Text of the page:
Sanders says Sinema ‘helped sabotage’ some of Congress’s key legislations

The popular progressive US senator Bernie Sanders would consider supporting any Democrat who might mount a challenge against his chamber colleague Kyrsten Sinema after she recently left the party and declared herself an independent like him, arguing that she has “helped sabotage” some of Congress’s most important legislation.

Sanders’s comments on Sunday on CNN’s State of the Union added to the chorus of detractors against the Arizona lawmaker who has undermined the agenda of the Joe Biden White House and other progressives, including by voting down raising the minimum wage to $15 an hour and reforming the Senate filibuster so that voting rights legislation can pass.

The independent from Vermont who votes in line with Democratic interests told the show host, Dana Bash, that the leftwing party’s members in Arizona were “not all that enthusiastic about somebody who helped sabotage some of the most important legislation that protects the interests of working families and voting rights and so forth”.

And, Sanders added, if Arizona Democrats eventually ran someone to challenge the newly-declared independent, “I will take a hard look at” supporting that candidate, though some are concerned that hopeful could unwittingly give Republicans an opening.

“I support progressive candidates all over this country – people who have the guts to take on special interests,” said Sanders, adding that he wasn’t interested in speaking much more on Sinema. “I don’t know what’s going to be happening in Arizona – we will see who they nominate.”

In a separate pre-recorded interview which also aired Sunday on State of the Union, Sinema continued defending her defection from the Democrats as a stand against being beholden to party interests.

“I know this is really hard for lots of folks, especially [on Capitol Hill], but what’s important to me is … to not be tethered by the partisanship that dominates politics today,” Sinema said in that interview. “I want to remove some of that … poison from our politics. I want to get back to actually just working on the issues, working together to try and solve these challenges.”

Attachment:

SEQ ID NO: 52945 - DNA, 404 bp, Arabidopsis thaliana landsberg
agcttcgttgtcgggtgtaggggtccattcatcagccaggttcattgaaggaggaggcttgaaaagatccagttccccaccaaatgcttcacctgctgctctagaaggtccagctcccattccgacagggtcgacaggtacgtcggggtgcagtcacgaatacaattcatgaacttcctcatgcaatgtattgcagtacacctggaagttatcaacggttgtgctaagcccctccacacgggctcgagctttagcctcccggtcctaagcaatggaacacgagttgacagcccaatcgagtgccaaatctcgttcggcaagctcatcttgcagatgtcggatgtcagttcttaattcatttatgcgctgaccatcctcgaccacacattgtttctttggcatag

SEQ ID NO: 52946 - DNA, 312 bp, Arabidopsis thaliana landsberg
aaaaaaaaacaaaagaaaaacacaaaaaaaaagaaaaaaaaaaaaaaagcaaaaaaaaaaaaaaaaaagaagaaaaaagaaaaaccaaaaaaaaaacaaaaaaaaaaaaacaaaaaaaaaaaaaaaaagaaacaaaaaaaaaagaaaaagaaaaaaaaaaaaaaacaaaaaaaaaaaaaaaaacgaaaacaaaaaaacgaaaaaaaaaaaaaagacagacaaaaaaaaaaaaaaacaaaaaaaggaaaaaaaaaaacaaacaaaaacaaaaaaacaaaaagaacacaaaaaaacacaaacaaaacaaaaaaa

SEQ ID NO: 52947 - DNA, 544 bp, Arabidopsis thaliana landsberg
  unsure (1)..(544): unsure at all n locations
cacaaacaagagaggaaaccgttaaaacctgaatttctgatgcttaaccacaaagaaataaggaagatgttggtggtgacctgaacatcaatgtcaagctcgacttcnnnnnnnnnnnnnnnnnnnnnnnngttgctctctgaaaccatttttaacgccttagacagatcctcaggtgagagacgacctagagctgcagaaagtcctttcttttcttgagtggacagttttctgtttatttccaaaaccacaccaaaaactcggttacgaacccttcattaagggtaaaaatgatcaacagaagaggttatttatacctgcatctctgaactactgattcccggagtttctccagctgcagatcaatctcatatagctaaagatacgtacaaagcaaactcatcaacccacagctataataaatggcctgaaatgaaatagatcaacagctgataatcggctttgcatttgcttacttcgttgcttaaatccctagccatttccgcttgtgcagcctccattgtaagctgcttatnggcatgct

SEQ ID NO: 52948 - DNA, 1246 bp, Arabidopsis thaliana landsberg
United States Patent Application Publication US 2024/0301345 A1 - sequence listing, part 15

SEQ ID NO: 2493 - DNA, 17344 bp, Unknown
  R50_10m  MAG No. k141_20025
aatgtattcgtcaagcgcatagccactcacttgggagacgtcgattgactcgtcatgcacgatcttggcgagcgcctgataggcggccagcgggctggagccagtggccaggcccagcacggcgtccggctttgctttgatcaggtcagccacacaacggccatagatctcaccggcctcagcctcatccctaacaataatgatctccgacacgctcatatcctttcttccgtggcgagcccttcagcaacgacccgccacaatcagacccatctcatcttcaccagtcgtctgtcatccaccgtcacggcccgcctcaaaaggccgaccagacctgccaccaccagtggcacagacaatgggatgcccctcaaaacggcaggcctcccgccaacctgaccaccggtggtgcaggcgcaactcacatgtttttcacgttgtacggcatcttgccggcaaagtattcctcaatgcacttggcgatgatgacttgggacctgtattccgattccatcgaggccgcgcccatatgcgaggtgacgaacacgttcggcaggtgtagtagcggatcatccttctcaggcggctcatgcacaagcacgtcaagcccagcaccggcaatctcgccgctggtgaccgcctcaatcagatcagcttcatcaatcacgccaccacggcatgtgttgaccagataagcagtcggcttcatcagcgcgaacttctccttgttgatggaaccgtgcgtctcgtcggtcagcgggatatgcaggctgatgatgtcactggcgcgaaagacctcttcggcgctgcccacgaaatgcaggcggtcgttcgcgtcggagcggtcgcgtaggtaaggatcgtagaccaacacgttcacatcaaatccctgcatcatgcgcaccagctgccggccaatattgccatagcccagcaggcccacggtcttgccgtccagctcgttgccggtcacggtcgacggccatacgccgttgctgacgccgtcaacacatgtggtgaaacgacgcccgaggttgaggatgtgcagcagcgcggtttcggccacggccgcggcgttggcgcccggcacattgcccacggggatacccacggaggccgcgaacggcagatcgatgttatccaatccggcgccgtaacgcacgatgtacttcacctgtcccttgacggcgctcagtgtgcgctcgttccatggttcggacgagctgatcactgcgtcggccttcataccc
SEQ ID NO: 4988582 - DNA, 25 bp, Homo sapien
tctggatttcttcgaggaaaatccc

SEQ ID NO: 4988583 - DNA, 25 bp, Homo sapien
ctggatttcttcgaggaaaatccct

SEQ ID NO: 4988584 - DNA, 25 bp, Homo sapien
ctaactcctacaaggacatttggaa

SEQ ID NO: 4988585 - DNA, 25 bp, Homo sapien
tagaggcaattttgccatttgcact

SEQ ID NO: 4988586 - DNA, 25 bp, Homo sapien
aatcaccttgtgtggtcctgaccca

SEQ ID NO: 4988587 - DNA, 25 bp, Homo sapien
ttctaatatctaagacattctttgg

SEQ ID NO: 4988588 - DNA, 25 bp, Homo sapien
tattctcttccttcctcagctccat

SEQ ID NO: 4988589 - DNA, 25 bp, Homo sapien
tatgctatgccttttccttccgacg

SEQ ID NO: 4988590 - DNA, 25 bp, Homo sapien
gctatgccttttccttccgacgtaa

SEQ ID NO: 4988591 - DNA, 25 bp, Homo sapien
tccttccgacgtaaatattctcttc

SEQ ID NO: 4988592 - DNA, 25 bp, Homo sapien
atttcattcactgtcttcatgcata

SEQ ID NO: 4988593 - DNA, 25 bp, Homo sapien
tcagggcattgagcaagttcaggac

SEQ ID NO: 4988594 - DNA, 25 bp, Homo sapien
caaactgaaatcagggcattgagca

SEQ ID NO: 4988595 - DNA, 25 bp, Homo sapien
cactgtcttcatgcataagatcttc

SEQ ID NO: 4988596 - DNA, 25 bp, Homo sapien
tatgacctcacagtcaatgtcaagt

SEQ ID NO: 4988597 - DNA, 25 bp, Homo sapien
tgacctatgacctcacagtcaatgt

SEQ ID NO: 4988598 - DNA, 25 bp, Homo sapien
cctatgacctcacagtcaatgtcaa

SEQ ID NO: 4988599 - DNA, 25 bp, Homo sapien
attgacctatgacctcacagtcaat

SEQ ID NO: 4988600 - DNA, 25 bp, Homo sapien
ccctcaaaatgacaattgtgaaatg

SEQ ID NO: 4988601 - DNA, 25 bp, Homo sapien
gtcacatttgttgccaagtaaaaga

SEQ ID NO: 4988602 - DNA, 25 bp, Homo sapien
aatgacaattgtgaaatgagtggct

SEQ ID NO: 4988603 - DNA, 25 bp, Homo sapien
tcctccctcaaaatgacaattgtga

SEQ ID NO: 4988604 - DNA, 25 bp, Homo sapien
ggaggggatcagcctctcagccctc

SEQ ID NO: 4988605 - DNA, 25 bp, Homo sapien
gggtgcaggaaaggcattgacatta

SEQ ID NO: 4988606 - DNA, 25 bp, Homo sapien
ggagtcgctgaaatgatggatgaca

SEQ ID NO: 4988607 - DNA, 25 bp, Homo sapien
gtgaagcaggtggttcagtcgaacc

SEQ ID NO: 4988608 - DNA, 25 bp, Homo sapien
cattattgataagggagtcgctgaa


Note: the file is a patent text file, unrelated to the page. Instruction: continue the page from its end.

Sinema’s departure from the Democrats came after their party had just succeeded in getting every one of their senators re-elected for the first time since 1934 after Raphael Warnock retained his seat in Georgia on 6 December.

Warnock’s victory over Republican challenger Herschel Walker, combined with a Pennsylvania seat flipping to the Democrats, left his party thinking it had a clear one-seat majority in the upper congressional chamber. It had spent the past two years with a 50-50 split in the Senate in which Vice-President Kamala Harris broke ties in the Democrats’ favor.

Sinema, who entered politics as a Green Party member and antiwar activist, has said she doesn’t intend to caucus with Republicans. But she’s been vague about whether she would cooperate with the Democrats in the way that Sanders and fellow independent senator Angus King do.

Sinema has supported key Biden administration agenda items, including bills aimed at reducing inflation, protecting the right to gay marriage and increasing restrictions to high-powered guns. But her votes against a minimum wage raise and Senate filibuster reform – issues that were dear to the Democrats – have earned her scorn from many progressives.

She and the centrist West Virginia Democratic senator Joe Manchin, who has taken similar stands, are often mentioned in the same breath.

Sinema announced her switch after a Democratic member of the House of Representatives from Arizona, Ruben Gallego, had started interviewing paid media firms for 2024, which observers interpreted as a meaningful step toward launching an intra-party primary challenge.

Pundits believe the Democrats could risk splitting votes with Sinema if they run someone against her, giving Republicans an opportunity to flip that seat during an election that would unfold at the same time as the next presidential race.

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